Study Says Disease-Carrying Ticks Are Emerging Earlier

Feb 18, 2015

Dr. Richard Ostfeld surveys ticks collected on a white drag cloth at a field site on the Cary Institute's campus.
Credit Courtesy of Cary Institute of Ecosystem Studies/Sam Cillo

A new study shows that ticks carrying Lyme disease are emerging earlier and spreading into new geographic regions.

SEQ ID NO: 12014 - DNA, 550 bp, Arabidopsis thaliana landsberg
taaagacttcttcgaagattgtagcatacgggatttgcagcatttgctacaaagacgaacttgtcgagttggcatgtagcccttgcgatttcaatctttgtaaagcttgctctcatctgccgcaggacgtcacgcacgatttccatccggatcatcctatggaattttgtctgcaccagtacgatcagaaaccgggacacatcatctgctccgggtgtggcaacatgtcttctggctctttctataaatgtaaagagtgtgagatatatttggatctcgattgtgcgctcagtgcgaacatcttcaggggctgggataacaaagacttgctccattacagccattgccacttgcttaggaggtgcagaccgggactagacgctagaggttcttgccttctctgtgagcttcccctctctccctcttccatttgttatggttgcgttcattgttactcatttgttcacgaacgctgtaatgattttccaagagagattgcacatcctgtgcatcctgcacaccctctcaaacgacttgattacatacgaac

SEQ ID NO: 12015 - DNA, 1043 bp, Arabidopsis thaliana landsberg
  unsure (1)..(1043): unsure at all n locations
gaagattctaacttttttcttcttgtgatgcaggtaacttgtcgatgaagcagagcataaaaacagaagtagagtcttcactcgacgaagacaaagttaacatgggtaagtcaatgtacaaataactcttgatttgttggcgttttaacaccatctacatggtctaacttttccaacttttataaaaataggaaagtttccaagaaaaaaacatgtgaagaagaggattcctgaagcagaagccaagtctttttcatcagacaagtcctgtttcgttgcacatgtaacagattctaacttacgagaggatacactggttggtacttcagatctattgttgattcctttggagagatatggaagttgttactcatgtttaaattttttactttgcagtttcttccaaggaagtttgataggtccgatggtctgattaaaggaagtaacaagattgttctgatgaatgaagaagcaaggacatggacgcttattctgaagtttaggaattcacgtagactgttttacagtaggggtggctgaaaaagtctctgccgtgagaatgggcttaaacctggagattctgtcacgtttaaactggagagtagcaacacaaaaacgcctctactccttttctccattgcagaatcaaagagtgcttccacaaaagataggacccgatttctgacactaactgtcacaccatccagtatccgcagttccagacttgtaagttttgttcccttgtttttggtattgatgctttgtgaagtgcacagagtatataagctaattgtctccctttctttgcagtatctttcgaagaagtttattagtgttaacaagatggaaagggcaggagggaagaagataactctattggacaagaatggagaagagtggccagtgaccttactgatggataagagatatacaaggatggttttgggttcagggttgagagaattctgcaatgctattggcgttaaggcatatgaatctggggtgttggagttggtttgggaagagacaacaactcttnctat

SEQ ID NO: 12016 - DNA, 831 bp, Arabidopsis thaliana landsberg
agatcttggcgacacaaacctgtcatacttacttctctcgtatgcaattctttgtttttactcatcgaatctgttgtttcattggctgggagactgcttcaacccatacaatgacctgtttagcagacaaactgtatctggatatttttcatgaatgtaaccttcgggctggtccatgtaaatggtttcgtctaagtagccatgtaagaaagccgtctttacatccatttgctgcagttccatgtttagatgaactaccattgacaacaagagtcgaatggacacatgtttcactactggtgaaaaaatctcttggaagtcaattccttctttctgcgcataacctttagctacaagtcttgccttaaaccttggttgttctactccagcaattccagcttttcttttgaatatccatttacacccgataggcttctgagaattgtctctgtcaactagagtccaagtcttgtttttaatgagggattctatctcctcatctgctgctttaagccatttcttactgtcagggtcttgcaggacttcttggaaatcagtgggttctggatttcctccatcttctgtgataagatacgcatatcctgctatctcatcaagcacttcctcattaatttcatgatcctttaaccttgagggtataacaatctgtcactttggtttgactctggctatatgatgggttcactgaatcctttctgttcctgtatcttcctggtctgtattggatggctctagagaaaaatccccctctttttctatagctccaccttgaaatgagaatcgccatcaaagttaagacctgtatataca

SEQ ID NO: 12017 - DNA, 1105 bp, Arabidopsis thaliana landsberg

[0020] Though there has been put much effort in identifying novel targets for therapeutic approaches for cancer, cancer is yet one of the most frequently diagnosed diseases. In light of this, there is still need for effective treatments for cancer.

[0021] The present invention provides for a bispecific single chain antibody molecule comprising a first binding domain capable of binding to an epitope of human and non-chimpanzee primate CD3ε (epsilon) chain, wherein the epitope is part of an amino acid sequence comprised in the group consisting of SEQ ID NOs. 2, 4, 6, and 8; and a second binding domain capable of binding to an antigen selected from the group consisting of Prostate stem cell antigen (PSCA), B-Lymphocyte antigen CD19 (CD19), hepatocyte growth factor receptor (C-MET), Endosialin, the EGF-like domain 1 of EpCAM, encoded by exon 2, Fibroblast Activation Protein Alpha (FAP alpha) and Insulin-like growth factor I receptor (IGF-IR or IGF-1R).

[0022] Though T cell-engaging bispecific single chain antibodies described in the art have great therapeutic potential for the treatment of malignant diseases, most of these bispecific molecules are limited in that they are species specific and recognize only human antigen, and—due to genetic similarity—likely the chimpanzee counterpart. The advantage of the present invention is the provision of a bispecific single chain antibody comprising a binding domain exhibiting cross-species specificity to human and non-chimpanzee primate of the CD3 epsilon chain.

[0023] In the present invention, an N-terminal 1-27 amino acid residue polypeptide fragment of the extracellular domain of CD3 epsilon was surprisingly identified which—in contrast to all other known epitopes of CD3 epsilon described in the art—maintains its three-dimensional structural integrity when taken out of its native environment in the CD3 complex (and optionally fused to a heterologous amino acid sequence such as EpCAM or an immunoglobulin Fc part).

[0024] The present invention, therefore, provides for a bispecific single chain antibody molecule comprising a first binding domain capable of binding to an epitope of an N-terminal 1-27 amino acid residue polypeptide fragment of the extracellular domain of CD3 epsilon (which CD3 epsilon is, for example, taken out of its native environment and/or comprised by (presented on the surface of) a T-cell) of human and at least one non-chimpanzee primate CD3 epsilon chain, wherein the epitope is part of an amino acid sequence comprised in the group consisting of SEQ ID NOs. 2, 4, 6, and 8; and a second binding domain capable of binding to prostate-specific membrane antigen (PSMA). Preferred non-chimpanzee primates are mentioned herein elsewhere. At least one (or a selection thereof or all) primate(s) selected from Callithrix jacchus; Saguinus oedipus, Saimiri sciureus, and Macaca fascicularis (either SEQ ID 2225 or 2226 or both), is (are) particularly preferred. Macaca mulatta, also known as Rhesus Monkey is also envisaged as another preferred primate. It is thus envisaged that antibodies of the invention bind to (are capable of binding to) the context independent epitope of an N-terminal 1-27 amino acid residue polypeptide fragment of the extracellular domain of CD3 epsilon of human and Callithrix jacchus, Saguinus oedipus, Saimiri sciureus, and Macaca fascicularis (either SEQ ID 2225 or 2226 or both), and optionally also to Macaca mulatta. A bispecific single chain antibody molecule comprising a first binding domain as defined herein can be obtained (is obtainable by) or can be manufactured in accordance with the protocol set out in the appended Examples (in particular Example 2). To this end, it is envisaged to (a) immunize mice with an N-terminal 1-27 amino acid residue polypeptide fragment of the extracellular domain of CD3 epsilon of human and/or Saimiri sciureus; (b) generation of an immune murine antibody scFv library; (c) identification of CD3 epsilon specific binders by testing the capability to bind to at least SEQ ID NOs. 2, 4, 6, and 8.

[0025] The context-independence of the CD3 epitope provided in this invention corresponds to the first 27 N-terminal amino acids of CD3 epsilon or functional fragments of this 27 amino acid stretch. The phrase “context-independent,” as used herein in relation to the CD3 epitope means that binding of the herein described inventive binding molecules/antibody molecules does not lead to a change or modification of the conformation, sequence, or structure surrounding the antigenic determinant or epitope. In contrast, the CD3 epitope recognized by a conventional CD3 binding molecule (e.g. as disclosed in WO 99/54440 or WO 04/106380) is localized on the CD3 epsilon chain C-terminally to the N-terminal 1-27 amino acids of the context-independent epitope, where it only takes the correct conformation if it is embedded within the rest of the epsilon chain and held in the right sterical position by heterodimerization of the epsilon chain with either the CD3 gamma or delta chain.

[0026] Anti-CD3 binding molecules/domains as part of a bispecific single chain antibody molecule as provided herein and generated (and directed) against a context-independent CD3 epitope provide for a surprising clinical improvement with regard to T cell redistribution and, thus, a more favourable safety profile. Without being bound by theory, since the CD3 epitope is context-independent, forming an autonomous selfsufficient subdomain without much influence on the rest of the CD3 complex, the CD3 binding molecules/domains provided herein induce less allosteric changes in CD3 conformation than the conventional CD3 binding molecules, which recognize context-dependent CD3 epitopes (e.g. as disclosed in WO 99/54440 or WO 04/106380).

In the northeastern United States, warmer spring temperatures are leading to shifts in the emergence of the blacklegged ticks that carry Lyme disease and other tick-borne pathogens. At the same time, milder weather is allowing ticks to spread into new geographic regions. Study co-author Dr. Richard Ostfeld is an ecologist with the Millbrook-based Cary Institute of Ecosystem Studies. He says nearly two decades of data revealed climate warming trends correlated with earlier spring feeding by nymphal ticks, sometimes by as much as three weeks. Ostfeld says that if this persists, Lyme Disease Awareness Month will have to move from May to April. The study was published this week in the journal Philosophical Transactions of the Royal Society B.